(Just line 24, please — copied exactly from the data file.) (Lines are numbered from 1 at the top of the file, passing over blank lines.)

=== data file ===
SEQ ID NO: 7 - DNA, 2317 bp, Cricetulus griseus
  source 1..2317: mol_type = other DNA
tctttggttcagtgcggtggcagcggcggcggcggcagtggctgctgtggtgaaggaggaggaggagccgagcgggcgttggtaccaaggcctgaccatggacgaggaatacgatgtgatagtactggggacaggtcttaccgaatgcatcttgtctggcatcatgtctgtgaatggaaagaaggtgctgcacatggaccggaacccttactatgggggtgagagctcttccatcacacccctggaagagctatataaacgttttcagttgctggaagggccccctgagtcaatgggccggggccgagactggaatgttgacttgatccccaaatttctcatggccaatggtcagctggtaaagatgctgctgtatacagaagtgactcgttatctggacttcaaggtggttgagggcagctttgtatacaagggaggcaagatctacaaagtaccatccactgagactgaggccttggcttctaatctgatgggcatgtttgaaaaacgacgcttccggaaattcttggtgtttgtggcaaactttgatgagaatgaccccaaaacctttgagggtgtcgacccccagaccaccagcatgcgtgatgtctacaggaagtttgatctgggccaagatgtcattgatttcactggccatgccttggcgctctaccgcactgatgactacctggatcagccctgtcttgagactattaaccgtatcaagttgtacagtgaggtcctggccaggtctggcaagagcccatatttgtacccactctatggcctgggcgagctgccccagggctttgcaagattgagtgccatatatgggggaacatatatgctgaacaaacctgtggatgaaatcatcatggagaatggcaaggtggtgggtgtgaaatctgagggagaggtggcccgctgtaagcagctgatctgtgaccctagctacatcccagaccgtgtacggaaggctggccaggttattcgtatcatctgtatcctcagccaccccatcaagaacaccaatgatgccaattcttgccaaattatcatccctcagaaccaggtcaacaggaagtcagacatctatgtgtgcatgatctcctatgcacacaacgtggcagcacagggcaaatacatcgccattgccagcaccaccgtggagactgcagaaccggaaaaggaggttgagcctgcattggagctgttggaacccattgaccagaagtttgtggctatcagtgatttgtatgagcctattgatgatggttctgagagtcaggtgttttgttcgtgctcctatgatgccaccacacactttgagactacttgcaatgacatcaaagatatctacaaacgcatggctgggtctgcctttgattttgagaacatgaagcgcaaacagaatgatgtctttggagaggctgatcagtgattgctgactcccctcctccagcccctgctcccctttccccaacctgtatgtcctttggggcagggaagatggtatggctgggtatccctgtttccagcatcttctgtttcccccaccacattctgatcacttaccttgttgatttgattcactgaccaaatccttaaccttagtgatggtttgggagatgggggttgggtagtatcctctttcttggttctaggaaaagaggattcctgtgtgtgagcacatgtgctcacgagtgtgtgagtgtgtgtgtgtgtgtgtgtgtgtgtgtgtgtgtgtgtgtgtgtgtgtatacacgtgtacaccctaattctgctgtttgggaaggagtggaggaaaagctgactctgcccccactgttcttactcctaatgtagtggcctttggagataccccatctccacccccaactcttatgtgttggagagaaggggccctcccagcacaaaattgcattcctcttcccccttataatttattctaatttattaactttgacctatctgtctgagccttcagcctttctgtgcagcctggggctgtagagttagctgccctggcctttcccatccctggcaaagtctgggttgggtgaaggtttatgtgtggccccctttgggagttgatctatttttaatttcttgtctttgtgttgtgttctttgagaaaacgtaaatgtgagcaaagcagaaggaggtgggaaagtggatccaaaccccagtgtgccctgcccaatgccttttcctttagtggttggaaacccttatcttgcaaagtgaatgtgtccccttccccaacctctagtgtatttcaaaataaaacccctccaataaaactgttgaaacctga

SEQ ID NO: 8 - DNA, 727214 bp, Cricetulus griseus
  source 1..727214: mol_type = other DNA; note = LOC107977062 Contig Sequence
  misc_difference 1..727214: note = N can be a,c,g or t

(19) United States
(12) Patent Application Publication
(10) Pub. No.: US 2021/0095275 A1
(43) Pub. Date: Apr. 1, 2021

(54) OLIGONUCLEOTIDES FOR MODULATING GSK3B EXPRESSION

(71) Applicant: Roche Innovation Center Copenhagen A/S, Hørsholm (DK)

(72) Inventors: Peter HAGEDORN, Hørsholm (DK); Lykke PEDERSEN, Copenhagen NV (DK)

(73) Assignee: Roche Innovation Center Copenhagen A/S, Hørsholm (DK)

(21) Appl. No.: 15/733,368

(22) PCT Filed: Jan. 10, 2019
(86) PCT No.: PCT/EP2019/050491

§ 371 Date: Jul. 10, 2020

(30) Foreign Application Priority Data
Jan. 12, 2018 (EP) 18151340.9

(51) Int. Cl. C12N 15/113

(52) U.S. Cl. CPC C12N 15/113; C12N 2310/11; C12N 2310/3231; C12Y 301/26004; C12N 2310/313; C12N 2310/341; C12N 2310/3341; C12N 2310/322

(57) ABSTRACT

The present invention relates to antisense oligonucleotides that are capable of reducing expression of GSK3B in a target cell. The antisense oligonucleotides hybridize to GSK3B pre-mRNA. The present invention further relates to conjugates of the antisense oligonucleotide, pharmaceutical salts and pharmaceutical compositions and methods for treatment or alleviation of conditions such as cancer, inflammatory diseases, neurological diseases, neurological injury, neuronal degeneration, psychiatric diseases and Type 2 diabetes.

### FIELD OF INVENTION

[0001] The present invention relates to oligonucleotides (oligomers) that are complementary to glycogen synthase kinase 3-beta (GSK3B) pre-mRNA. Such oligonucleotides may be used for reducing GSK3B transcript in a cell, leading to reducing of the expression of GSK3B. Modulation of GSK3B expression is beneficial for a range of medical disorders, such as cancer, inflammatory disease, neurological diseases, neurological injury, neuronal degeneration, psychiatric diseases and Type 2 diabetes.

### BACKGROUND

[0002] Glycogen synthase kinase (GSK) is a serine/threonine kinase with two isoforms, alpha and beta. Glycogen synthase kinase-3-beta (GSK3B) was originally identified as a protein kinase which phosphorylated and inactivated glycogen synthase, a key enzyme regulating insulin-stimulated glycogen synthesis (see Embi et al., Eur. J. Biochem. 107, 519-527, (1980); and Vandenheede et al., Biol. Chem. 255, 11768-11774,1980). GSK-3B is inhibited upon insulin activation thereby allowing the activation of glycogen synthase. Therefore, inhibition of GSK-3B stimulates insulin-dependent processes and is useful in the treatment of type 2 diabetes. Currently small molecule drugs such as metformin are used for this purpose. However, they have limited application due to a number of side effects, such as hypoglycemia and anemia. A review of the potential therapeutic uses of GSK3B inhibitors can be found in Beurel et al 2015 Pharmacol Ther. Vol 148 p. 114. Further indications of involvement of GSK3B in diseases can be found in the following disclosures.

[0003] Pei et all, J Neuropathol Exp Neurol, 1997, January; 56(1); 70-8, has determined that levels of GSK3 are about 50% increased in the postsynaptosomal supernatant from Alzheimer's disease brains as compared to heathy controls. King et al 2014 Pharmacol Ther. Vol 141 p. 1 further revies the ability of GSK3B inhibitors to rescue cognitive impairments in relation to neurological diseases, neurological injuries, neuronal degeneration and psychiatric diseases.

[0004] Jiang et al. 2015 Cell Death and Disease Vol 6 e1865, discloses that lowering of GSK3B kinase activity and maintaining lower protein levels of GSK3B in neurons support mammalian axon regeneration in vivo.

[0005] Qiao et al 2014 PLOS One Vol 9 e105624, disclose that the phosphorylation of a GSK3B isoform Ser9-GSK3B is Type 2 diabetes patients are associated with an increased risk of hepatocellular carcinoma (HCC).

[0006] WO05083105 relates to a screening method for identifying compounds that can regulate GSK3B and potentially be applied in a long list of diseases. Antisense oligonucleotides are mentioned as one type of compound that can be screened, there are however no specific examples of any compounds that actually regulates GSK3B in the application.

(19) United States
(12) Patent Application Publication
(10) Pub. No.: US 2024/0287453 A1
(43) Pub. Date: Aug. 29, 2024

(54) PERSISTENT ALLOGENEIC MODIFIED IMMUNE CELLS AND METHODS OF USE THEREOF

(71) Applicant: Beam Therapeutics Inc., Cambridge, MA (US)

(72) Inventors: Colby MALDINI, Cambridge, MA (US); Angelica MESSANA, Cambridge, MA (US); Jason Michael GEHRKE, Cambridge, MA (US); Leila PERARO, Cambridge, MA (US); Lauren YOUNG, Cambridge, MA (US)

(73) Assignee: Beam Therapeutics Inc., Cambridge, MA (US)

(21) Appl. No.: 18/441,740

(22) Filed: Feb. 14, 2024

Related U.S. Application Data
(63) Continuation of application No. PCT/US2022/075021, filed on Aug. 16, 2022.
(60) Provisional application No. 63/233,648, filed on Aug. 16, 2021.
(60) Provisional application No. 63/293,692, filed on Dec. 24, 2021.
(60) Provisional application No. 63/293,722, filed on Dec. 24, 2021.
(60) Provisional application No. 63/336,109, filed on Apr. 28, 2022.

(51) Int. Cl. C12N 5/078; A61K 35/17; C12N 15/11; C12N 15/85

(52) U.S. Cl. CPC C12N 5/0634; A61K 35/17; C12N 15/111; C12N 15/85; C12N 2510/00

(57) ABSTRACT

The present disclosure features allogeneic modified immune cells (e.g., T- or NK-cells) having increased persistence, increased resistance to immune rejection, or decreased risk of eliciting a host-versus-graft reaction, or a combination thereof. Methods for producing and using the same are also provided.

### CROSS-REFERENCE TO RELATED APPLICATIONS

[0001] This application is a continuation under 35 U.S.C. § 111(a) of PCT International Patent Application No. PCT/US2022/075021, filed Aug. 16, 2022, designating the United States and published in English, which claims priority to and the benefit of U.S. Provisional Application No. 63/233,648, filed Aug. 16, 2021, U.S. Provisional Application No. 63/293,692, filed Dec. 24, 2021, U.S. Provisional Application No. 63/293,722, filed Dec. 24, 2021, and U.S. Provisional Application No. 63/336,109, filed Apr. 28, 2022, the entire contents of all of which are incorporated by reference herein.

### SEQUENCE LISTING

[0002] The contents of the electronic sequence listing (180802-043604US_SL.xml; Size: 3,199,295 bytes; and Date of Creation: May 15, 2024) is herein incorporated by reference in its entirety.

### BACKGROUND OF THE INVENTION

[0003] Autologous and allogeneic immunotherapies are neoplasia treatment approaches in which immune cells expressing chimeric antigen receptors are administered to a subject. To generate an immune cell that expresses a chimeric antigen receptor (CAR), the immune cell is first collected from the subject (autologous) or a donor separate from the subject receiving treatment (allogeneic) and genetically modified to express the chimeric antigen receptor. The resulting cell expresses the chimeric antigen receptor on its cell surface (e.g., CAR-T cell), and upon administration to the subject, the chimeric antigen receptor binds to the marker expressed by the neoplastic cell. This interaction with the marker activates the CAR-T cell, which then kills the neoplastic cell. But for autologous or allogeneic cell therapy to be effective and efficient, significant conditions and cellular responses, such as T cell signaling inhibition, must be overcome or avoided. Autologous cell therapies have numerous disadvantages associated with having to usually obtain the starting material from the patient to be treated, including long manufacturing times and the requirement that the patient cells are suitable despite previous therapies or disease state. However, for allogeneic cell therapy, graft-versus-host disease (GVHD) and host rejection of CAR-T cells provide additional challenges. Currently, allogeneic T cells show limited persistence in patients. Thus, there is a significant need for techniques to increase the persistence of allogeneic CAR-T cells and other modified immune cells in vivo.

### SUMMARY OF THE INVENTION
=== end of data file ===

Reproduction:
The present invention relates to antisense oligonucleotides that are capable of reducing expression of GSK3B in a target cell. The antisense oligonucleotides hybridize to GSK3B pre-mRNA. The present invention further relates to conjugates of the antisense oligonucleotide, pharmaceutical salts and pharmaceutical compositions and methods for treatment or alleviation of conditions such as cancer, inflammatory diseases, neurological diseases, neurological injury, neuronal degeneration, psychiatric diseases and Type 2 diabetes.